Notes on Heraclitus Fragment 80

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A pdf version of this article is available here – Heraclitus-Fragment80


Some Notes on Πόλεμος and Δίκη in Heraclitus B80

εἰδέναι δὲ χρὴ τὸν πόλεμον ἐόντα ξυνόν, καὶ δίκην ἔριν, καὶ γινόμενα πάντα κατ΄ ἔριν καὶ χρεώμενα [χρεών]. Fragmentum 80.

This fragment, attributed to Heraclitus, is generally considered to mean something rather abstract such as: war is everywhere and strife is justice and all that is arises and passes away because of strife.

That is, πόλεμος is regarded as a synonym for either kampf, or more generally, for war. However, I incline toward the view that this older understanding of – the accepted rendition of – πόλεμος is a misinterpretation , and that rather than kampf (struggle), or a general type of strife, or what we now associate with the term war, πόλεμος implies what I have elsewhere termed the acausality (a simultaneity) [1] beyond our causal ideation, and which ideation has separated object from subject, and often abstracted them into seemingly conflicting opposites [2]. Hence my particular interpretation of Fragmentum 53:

Πόλεμος πάντων μὲν πατήρ ἐστι, πάντων δὲ βασιλεύς, καὶ τοὺς μὲν θεοὺς ἔδειξε τοὺς δὲ ἀνθρώπους, τοὺς μὲν δούλους ἐποίησε τοὺς δὲ ἐλευθέρους.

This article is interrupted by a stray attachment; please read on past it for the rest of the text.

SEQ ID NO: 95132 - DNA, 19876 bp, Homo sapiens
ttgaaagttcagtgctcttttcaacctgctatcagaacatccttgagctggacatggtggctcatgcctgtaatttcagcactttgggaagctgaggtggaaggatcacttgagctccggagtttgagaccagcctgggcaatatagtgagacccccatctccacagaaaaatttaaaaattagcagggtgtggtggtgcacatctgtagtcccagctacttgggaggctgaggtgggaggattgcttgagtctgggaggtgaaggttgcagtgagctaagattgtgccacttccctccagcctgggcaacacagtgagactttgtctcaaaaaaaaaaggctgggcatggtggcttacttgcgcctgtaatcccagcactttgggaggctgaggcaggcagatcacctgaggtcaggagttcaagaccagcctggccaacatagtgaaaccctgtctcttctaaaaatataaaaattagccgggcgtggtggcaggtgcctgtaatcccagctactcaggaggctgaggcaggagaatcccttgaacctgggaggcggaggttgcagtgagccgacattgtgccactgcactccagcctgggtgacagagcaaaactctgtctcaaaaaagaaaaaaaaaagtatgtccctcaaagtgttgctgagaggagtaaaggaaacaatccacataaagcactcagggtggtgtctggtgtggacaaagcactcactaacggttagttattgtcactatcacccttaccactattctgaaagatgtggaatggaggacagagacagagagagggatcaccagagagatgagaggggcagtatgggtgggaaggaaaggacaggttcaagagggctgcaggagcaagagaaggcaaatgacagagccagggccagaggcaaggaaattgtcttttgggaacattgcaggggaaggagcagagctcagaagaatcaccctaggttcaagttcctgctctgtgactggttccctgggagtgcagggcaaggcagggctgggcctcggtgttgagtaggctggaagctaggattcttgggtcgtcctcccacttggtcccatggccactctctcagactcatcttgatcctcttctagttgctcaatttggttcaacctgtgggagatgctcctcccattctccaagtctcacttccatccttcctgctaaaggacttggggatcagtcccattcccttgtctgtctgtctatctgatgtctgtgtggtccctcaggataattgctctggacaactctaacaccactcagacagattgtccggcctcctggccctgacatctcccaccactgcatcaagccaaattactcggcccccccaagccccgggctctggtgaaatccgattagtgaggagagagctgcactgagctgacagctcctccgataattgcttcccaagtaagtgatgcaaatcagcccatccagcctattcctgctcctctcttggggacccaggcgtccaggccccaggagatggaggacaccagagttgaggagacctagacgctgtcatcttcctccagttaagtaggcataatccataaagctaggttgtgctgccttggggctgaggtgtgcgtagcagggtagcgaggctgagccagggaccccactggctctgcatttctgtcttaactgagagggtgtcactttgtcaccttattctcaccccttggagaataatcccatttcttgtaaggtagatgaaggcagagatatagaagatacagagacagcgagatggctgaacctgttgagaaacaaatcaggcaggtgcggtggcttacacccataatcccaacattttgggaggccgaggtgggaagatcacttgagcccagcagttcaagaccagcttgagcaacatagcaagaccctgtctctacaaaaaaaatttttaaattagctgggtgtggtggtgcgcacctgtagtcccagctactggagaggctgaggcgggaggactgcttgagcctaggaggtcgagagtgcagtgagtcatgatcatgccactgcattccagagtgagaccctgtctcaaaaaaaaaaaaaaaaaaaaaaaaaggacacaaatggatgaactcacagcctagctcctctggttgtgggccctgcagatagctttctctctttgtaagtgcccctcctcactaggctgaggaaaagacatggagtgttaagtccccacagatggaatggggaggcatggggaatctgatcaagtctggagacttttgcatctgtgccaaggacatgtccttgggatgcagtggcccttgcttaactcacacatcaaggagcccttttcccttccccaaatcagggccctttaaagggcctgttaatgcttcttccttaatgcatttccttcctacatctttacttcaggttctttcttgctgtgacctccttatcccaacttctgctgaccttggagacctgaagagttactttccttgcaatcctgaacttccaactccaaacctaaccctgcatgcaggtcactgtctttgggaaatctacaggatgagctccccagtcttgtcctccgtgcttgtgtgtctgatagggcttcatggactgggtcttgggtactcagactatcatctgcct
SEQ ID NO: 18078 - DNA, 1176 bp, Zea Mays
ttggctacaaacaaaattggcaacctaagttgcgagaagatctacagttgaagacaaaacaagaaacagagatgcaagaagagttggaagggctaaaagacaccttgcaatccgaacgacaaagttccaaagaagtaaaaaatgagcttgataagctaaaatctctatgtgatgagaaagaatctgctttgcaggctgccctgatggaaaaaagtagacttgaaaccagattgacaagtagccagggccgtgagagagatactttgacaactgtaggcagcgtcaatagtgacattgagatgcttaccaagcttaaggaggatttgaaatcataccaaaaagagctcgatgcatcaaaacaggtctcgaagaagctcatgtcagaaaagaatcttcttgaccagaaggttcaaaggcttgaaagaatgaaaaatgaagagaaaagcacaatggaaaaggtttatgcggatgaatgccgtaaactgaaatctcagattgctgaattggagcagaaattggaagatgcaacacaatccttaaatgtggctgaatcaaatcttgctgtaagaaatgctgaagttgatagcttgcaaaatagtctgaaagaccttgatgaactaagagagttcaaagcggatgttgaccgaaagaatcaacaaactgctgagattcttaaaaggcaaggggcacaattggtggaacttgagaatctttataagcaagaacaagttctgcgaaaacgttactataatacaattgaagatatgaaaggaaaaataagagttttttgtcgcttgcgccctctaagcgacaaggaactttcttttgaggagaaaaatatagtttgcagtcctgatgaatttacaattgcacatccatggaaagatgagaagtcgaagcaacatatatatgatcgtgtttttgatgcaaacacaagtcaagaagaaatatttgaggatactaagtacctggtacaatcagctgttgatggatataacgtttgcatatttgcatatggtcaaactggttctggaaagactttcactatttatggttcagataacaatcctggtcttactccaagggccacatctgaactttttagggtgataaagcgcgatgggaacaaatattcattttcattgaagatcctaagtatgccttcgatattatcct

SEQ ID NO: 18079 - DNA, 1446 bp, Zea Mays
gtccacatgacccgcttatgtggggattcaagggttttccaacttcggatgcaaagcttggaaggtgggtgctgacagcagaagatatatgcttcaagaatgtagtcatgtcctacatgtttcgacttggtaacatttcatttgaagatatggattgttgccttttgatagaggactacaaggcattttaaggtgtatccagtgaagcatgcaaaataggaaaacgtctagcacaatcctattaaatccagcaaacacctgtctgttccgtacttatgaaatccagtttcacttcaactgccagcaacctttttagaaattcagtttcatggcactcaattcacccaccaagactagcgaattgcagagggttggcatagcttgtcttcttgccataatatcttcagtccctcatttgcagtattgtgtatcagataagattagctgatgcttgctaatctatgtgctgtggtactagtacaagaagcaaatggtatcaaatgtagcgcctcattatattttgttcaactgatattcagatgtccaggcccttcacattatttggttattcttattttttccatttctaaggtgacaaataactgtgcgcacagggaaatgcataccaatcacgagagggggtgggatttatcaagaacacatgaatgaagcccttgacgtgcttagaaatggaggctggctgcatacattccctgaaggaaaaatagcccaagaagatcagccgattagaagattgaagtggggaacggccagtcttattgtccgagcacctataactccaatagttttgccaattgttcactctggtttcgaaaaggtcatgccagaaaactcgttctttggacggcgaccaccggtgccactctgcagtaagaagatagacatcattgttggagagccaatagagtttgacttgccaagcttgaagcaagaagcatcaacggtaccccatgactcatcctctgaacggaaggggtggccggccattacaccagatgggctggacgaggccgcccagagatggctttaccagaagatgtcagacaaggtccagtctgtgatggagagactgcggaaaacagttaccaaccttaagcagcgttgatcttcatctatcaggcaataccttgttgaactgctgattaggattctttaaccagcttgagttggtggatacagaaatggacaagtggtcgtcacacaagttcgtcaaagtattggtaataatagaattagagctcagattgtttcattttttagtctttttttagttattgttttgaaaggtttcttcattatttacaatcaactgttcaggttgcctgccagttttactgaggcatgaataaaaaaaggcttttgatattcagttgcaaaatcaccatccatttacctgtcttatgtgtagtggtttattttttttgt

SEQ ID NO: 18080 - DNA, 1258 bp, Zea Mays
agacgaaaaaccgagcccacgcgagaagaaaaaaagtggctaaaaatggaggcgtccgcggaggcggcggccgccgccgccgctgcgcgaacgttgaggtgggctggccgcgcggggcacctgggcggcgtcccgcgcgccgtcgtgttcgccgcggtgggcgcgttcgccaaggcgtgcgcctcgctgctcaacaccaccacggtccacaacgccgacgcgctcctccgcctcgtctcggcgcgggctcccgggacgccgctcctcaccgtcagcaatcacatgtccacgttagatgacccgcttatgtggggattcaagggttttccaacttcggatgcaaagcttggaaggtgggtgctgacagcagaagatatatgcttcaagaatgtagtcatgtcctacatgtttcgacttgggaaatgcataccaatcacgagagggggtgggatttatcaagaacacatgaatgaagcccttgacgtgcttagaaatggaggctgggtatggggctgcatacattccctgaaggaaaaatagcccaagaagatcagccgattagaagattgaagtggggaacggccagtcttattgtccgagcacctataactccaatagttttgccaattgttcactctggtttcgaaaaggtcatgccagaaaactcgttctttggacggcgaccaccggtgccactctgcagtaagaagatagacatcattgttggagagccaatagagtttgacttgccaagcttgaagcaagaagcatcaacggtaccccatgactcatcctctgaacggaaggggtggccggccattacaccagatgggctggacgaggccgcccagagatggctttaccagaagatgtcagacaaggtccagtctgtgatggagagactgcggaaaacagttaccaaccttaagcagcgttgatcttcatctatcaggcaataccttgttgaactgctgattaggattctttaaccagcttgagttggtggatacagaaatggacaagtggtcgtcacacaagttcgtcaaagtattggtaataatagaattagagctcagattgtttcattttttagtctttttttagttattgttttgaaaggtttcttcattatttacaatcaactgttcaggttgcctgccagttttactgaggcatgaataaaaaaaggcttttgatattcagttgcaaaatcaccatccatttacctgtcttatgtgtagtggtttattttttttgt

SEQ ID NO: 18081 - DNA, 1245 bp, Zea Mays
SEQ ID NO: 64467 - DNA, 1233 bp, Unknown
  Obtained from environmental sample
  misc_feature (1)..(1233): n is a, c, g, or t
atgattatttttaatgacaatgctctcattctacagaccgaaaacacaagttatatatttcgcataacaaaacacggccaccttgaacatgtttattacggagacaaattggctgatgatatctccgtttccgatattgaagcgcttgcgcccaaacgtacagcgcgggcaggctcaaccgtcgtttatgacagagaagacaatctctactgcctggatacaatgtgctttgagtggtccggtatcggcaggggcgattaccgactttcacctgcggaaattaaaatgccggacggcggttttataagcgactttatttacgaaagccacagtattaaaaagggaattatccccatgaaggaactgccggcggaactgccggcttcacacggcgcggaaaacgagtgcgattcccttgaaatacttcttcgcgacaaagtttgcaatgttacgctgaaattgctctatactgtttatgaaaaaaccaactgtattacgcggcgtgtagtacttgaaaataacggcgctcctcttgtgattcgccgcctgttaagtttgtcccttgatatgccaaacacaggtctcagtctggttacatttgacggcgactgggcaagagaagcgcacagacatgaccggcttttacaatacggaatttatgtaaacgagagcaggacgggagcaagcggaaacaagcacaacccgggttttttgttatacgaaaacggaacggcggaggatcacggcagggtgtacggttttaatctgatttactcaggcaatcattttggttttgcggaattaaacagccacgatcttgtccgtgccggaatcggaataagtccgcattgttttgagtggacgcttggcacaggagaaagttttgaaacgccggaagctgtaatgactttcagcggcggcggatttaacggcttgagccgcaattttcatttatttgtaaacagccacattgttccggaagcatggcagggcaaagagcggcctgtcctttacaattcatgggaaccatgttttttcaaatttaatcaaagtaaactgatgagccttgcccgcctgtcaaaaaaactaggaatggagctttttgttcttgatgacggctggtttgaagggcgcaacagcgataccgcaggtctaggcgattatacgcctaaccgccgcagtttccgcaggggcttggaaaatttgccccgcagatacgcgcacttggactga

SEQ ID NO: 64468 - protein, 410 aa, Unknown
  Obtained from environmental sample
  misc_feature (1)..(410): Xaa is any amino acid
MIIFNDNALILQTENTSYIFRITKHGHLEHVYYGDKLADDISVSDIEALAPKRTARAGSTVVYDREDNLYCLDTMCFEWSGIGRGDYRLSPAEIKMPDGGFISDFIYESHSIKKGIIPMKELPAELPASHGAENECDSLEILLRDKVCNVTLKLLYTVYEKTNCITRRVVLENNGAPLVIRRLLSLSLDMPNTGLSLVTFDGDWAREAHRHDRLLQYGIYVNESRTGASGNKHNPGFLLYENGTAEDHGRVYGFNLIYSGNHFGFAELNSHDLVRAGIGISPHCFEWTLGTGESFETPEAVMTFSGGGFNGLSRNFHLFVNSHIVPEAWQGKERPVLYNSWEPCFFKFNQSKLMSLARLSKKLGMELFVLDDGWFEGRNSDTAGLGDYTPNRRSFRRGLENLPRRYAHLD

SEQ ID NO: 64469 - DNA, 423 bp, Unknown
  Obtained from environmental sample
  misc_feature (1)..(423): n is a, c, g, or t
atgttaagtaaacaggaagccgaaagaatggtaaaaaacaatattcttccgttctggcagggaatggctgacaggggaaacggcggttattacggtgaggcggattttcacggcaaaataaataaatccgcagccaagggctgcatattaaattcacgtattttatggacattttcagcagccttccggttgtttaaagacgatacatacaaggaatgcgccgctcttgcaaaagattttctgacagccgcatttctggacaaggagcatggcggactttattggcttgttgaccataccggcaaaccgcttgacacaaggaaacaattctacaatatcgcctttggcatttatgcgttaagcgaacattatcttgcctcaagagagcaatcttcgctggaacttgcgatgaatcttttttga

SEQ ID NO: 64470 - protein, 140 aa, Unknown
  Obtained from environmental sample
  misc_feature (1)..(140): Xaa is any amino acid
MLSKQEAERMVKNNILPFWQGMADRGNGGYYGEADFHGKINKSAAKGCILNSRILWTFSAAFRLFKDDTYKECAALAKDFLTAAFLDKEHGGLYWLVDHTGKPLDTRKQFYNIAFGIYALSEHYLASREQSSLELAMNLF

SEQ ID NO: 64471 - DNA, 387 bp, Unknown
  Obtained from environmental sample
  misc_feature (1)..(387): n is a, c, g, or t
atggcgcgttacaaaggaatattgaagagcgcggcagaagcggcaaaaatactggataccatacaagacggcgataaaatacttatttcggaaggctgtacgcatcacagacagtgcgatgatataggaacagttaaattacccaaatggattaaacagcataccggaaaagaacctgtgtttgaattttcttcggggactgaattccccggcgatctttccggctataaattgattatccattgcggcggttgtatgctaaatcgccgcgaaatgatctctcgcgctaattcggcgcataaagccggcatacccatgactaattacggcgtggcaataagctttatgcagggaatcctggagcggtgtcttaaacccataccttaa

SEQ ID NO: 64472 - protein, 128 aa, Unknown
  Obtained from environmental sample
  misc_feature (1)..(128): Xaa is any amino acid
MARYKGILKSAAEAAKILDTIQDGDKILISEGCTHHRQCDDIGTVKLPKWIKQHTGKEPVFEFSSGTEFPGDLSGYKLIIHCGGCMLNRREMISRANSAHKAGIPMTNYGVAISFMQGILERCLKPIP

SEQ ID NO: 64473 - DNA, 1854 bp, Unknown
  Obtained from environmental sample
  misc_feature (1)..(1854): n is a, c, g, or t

Polemos our genesis, governing us all to bring forth some gods, some mortal beings with some unfettered yet others kept bound.

Hence my interpretation of Fragment 80 – εἰδέναι δὲ χρὴ τὸν πόλεμον ἐόντα ξυνόν, καὶ δίκην ἔριν, καὶ γινόμενα πάντα κατ΄ ἔριν καὶ χρεώμενα [χρεών] – as:

One should be aware that Polemos pervades, with discord δίκη, and that beings are naturally born by discord. [3]

Here, I have deliberately transliterated (instead of translated) πόλεμος, and left δίκη as δίκη – because both πόλεμος and δίκη (written Πόλεμος and, I suggest, Δίκα) should be regarded, like ψυχή (psyche/Psyche) as terms or as principles in their own right (hence the capitalization), and thus imply, suggest, and require, interpretation and explanation, something especially true, in my opinion, regarding Δίκα. To render them blandly by English terms such as ‘war’ and ‘justice’ – which have their own now particular meaning(s) – is in my view erroneous and somewhat lackadaisical. δίκη for instance could be, depending on context: the custom(s) of a folk, judgement (or Judgement personified), the natural and the necessary balance, the correct/customary/ancestral way, and so on.

In respect of Δίκα, I write it thus to intimate a new, a particular and numinous, philosophical principle, and differentiate it from the more general δίκη. As a numinous principle, or axiom, Δίκα thus suggests what lies beyond and what was the genesis of δίκη personified as the goddess, Judgement – the goddess of natural balance, of the ancestral way and ancestral customs.

Thus, Δίκα implies the balance, the reasoned judgement, the thoughtful reasoning – σωφρονεῖν – that πάθει μάθος brings and restores, and which accumulated πάθει μάθος of a particular folk or πόλις forms the basis for their ancestral customs. δίκη is therefore, as the numinous principle Δίκα, what may be said to be a particular and a necessary balance between ἀρετή and ὕβρις – between the ὕβρις that often results when the personal, the natural, quest for ἀρετή becomes unbalanced and excessive.